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Two-thirds of buyers fail to check electrics before purchasing a property

Many homebuyers mistakenly think a home survey will check for electrical safety. Faulty and old wiring can leave them at risk of high repair bills, electric shock or fire.

Two-thirds of buyers fail to have the homes they want to purchase inspected for electrical safety, a charity has warned. Electrical Safety First is urging buyers to get an Electrical Installation Condition Report (EICR).

The charity found only 37 per cent of buyers had the property checked by a registered electrician before prices were agreed and contracts exchanged. One in five mistakenly believed the electrical safety checks were included in their home survey report and just under half were unaware that checks were needed at all.

Two-thirds of buyers fail to check electrics before purchasing a property
Two-thirds of buyers fail to check electrics before purchasing a property

Over a third of home buyers then went on to discover electrical problems that they were not aware of before buying – something that could easily have been avoided by getting a registered electrician to inspect the electrics and issue an EICR.

The average cost to fix an electrical problem identified after moving into a property is about £1,704 but a full rewire can be a lot higher.

By comparison, an electrical installation condition report will cost between £100 and £250 for an average two or three-bedroom home, depending on where you live. If anything needs to be fixed, it can help you negotiate the purchase price and save you money in the long term.

Phil Buckle, director general of Electrical Safety First, said: “It’s easy to bypass checking electrics when purchasing a property if you think it’s included in the recommended survey report. However not conducting an EICR significantly increases the risk of additional expense and electric shock or fire to the buyer and their family. We’re encouraging people to use a registered electrician to do a quick and relatively inexpensive check to ensure they know exactly what they’re getting into with the property purchase.”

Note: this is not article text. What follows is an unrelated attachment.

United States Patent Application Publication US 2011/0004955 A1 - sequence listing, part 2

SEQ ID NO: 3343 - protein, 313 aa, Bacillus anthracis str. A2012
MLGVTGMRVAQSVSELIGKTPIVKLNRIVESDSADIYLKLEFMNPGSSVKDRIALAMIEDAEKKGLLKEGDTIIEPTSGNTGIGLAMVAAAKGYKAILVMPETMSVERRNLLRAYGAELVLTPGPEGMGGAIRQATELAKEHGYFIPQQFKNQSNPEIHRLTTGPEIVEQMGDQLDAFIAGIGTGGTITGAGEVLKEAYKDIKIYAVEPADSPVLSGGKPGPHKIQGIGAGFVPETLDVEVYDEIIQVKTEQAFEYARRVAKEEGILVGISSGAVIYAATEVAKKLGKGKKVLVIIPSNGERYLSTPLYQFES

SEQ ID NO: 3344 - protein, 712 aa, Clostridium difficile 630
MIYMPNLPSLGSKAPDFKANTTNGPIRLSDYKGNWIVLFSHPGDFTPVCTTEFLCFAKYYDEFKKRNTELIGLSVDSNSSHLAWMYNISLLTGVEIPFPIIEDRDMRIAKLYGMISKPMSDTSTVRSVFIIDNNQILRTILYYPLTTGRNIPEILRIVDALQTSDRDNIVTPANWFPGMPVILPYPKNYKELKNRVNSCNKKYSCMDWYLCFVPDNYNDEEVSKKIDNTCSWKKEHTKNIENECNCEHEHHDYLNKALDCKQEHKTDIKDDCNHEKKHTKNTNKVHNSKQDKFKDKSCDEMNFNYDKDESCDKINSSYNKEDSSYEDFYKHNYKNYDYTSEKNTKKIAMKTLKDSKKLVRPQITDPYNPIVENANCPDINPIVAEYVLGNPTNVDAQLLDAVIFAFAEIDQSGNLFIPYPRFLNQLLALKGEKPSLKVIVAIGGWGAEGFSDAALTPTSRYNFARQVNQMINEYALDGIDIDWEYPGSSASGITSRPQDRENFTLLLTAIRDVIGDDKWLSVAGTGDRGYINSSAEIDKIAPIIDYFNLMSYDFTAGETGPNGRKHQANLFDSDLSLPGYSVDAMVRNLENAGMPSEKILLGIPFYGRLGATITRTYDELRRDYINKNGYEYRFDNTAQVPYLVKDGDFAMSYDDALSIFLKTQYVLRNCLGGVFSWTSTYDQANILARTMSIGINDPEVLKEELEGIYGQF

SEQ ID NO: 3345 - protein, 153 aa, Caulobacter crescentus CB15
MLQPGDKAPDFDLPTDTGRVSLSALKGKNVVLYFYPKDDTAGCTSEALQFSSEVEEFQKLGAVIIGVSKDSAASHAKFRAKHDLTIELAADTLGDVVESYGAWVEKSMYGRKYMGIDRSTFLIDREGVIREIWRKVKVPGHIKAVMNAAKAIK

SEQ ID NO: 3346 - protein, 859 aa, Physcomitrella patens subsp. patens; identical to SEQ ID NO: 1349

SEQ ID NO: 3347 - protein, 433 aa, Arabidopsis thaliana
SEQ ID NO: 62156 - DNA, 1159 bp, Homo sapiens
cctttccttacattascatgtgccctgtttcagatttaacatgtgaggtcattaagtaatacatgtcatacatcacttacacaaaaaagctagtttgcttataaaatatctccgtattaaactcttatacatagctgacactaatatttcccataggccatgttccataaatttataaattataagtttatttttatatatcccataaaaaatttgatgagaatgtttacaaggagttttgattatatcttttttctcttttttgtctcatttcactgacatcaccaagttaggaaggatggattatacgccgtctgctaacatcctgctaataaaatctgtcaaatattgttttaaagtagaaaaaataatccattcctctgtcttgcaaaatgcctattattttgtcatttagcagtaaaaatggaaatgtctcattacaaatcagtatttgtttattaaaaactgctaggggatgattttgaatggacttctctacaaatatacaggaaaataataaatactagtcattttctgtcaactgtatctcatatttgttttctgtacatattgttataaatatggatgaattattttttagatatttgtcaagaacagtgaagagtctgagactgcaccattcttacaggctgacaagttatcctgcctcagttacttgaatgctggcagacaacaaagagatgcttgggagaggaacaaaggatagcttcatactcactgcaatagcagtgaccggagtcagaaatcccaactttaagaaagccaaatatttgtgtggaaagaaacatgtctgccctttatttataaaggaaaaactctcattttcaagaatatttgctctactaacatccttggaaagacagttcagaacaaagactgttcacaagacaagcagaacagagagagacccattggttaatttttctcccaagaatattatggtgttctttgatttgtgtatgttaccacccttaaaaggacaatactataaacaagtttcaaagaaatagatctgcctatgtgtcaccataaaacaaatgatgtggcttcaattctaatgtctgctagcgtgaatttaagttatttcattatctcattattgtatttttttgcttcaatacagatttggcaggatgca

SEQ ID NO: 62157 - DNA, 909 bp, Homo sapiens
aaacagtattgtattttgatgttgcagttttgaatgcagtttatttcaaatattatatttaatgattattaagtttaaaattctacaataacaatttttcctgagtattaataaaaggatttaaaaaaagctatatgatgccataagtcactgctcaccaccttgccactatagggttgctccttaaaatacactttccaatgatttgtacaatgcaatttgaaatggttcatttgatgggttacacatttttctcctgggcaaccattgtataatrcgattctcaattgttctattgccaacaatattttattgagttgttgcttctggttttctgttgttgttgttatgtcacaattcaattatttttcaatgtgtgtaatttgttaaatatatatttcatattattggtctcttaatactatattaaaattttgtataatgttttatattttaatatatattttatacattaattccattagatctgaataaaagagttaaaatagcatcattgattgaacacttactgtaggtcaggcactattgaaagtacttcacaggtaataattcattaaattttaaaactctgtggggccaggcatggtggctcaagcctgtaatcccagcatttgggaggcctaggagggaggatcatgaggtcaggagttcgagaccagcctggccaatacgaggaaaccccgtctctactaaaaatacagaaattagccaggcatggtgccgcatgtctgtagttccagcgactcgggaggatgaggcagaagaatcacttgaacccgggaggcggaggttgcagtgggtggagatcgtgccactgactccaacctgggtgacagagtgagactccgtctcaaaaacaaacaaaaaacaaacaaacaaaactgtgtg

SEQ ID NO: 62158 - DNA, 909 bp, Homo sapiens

The poll of more than 2,000 homeowners who purchased a property in 2014-15 also found that electrical safety only came sixth in the top 10 considerations when purchasing a property after neighbourhood, structural work needed, boiler age, risk of subsidence and damp.

In the UK, there is no legal requirement to get an electrical report when buying a home but since 2015 landlords in Scotland have been under a legal obligation to ensure the electrics in their rental properties are safe by providing regular reports or they may face fines. These rules are set to be extended to England. In July 2018, Government backed introducing legally required five-yearly electrical installation safety checks for all privately-rented properties in England. However, it has not provided a starting date.

What is an Electrical Installation Condition Report?

Faulty and old wiring is one of the major causes of house fires in the UK.

An Electrical Installation Condition Report involves the inspection of the state of the wiring, cables, consumer unit (also known as fuse box), power sources, switches and sockets. It will include an overall assessment of its safety and suggest changes to correct problems that may give rise to danger.

The report should record the results of the testing and identify any damage, deterioration or defective electrical work that could be a potential fire hazard or cause electric shocks.  The electrician will check if any electrical circuits are overloaded and lack of earthing or bonding.

Fixed electrical wiring that no longer meets the latest safety standards is not necessarily unsafe or in need of upgrading. However, if dangerous conditions are found, the overall assessment of the electrical installation will be judged ‘unsatisfactory’ until it’s fixed.

Inspection and testing of moveable objects, such as kettles, toasters and microwaves, is not included in these reports. These are covered by separate Portable Appliance Tests (PAT Testing) reports.

Electrical inspections should only be carried by registered electricians. Check if your electrician is registered with a government approved scheme, such as NICEIC, ELECSA, NAPIT, BSI, Benchmark Certificated & Stroma Certificated. Make sure the inspection and testing is in accordance with BS 7671

Electrical Safety First has a free Home Electrical Safety Checks app that allows anyone to do a quick, visual check to ensure their home is electrically safe. It highlights potential dangers in each room and explains how to sort out simple, non-technical problems. People are advised to use a registered electrician to deal with more serious issues flagged.